Holograms. Photo: Knotan
After a period of unsure waiting, I sit before my computer screen, logged on to Skype, staring at a box filled with the image of Olof Palme (just an old man in that moment, before my quick Google search) accompanied by another box surrounding my own reflection. I’m connecting with Anton Spetze, co-lead vocalist and guitarist for the Swedish punk group, Holograms, halfway around the world. Palme’s image enlarges to fill my screen and I’m greeted by Spetze’s faceless Swedish accent. He says, “Hello … I wasn’t prepared for the video conversation. So, I’m naked.” Fortunately, I still see only the face of the old man.
Spetze begins to explain how Holograms formed in 2011 and how their roots go back much further when the old man disappears and the image of Spetze, fully clothed (at least the visible torso region), begins to appear, but lingers in a soap opera haze, never focusing. “OK, there I am,” Spetze says. “My camera is broken.” After a few laughs, Spetze explains the band’s origin, beginning at Filip Spetze (synth) who is his younger brother. Spetze continues to describe how he and Anton Strandberg (drums) went to school together from sixth to ninth grade and have been playing in other bands together since. Spetze met Andreas Lagerstrom (vocals/bass) at a venue in Stockholm where their two separate bands would play. Spetze says, “We became friends there and we wanted to start a band together. We both liked song writing. So, that’s how it is.”
The group may have met each other through random circumstances, but Holograms’ sound didn’t entirely happen that way. Spetze says, “We had a plan, kind of. Andreas had inherited—is that a word? Inherited?—the synth we use, the Korg, from his friend who died, and he wanted to use it. We kind of just said that we wanted to play synth-punk and we took it from there.”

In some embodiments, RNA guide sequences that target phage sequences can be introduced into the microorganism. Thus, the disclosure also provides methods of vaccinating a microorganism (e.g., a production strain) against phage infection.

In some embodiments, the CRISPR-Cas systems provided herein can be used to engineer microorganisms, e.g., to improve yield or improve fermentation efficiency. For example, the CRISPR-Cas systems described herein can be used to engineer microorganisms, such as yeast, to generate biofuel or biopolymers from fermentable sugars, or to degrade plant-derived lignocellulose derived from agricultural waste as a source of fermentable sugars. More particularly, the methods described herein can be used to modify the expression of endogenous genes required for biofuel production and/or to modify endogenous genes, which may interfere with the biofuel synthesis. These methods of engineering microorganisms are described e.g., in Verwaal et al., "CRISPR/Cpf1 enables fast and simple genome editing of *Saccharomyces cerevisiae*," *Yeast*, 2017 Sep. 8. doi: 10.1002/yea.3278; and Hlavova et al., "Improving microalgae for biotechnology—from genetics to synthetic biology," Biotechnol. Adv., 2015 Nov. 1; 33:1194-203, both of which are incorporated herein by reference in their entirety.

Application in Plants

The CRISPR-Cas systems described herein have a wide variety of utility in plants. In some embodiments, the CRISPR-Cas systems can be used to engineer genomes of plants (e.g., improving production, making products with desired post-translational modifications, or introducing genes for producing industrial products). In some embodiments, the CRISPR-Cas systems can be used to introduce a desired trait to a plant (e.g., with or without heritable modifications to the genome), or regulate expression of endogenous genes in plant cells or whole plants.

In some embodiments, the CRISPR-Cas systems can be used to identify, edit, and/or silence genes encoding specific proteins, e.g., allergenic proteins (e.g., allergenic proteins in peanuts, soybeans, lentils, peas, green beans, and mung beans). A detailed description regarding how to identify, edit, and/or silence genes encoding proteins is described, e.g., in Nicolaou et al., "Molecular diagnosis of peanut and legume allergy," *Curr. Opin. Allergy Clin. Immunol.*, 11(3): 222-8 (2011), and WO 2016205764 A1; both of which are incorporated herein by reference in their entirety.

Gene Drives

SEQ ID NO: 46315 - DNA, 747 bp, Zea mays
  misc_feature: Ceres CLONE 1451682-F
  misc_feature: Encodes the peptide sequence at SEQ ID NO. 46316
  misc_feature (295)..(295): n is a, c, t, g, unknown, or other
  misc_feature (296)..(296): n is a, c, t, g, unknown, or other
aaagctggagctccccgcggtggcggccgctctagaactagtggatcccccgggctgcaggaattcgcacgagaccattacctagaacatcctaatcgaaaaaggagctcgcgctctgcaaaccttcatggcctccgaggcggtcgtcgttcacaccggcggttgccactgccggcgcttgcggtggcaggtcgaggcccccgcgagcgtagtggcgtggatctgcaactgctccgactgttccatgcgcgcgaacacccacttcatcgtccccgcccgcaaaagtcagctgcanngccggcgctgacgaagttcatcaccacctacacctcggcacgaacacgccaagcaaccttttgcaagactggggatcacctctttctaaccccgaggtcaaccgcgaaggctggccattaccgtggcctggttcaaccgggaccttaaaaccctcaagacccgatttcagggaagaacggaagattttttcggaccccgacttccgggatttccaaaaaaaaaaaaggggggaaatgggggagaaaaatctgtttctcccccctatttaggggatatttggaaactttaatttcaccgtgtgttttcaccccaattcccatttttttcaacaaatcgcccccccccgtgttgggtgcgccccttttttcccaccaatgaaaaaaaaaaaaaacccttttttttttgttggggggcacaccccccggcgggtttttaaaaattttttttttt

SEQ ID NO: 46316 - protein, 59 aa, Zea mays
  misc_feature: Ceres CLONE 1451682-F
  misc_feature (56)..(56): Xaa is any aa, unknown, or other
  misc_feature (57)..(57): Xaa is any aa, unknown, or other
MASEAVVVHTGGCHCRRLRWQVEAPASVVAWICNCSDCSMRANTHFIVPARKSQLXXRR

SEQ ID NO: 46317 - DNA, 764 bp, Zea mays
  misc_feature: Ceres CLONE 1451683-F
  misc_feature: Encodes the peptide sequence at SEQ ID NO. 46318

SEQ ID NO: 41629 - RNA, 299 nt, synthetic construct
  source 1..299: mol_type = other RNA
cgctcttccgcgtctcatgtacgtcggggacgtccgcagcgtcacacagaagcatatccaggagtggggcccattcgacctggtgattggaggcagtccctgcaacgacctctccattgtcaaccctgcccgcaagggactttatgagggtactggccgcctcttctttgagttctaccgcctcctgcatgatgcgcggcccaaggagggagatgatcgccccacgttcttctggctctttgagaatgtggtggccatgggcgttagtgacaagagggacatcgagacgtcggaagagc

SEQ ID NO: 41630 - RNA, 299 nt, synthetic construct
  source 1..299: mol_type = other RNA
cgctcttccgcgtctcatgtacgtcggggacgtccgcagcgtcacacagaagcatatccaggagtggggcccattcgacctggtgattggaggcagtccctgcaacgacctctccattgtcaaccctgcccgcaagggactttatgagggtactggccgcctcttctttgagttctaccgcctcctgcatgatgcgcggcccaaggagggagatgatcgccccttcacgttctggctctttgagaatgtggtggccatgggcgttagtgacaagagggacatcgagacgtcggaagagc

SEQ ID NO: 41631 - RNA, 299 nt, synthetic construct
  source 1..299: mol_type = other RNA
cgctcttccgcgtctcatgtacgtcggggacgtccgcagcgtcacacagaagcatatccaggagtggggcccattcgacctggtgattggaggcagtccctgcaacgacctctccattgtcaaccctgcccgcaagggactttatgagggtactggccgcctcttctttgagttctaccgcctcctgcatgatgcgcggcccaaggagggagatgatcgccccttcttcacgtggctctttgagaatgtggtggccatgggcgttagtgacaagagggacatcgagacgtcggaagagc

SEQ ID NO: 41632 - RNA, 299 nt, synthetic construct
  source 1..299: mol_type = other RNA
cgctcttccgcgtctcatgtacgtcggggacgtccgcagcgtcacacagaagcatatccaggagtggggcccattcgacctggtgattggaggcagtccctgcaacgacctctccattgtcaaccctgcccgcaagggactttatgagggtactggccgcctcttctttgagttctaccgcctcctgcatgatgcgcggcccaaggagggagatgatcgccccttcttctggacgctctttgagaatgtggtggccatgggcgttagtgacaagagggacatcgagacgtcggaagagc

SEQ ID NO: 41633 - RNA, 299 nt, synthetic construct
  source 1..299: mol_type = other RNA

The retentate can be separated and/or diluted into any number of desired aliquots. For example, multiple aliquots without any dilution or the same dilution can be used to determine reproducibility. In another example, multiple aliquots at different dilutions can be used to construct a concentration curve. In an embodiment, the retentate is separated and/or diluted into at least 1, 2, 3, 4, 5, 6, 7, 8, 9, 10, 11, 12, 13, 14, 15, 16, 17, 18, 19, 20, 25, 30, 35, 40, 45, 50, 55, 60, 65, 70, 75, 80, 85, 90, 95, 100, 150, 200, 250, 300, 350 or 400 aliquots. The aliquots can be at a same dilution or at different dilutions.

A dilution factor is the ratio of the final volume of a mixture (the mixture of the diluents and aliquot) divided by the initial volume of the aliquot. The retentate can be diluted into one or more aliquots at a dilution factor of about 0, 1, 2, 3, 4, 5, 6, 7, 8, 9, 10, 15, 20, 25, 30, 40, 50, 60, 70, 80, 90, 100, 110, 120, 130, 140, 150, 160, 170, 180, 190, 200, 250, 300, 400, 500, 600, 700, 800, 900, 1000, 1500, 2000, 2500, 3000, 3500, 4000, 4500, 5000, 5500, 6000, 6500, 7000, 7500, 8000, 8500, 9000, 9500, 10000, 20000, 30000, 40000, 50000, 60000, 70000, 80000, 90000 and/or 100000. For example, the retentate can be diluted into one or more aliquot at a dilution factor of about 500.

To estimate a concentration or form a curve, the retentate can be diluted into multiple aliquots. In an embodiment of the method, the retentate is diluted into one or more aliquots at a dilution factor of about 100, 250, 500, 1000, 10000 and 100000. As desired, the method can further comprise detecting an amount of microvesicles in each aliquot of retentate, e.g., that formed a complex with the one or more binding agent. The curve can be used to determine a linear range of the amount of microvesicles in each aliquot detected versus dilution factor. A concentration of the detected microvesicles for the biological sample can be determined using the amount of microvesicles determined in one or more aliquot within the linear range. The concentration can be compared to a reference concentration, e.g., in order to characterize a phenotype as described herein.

On Sept. 3, after a quick turnaround time of just over a year after their debut, self-titled album, Holograms released their second album, Forever, on Captured Tracks. Anyone familiar with Holograms’ self-titled debut album, in all of it’s straightforward Criminal Damage-like punkiness, may be surprised at the thick smoothness of Forever. This move wasn’t accidental. Spetze says, “This time we knew we wanted to make something with a really big sound. That was everything we had in our minds before we set off to record.” The genre hasn’t shifted since the first album and the songs contain the same basic elements, but clearly something’s changed in the time between. “It’s a lot in the mixing,” Spetze says. “We put a lot of time in the mixing compared to the first album.” The mixing shows in specific tones like the synth that hardly cut through in Holograms’ first album, but accents the new tracks with as much distinctness as the full-bodied, reverberated vocals.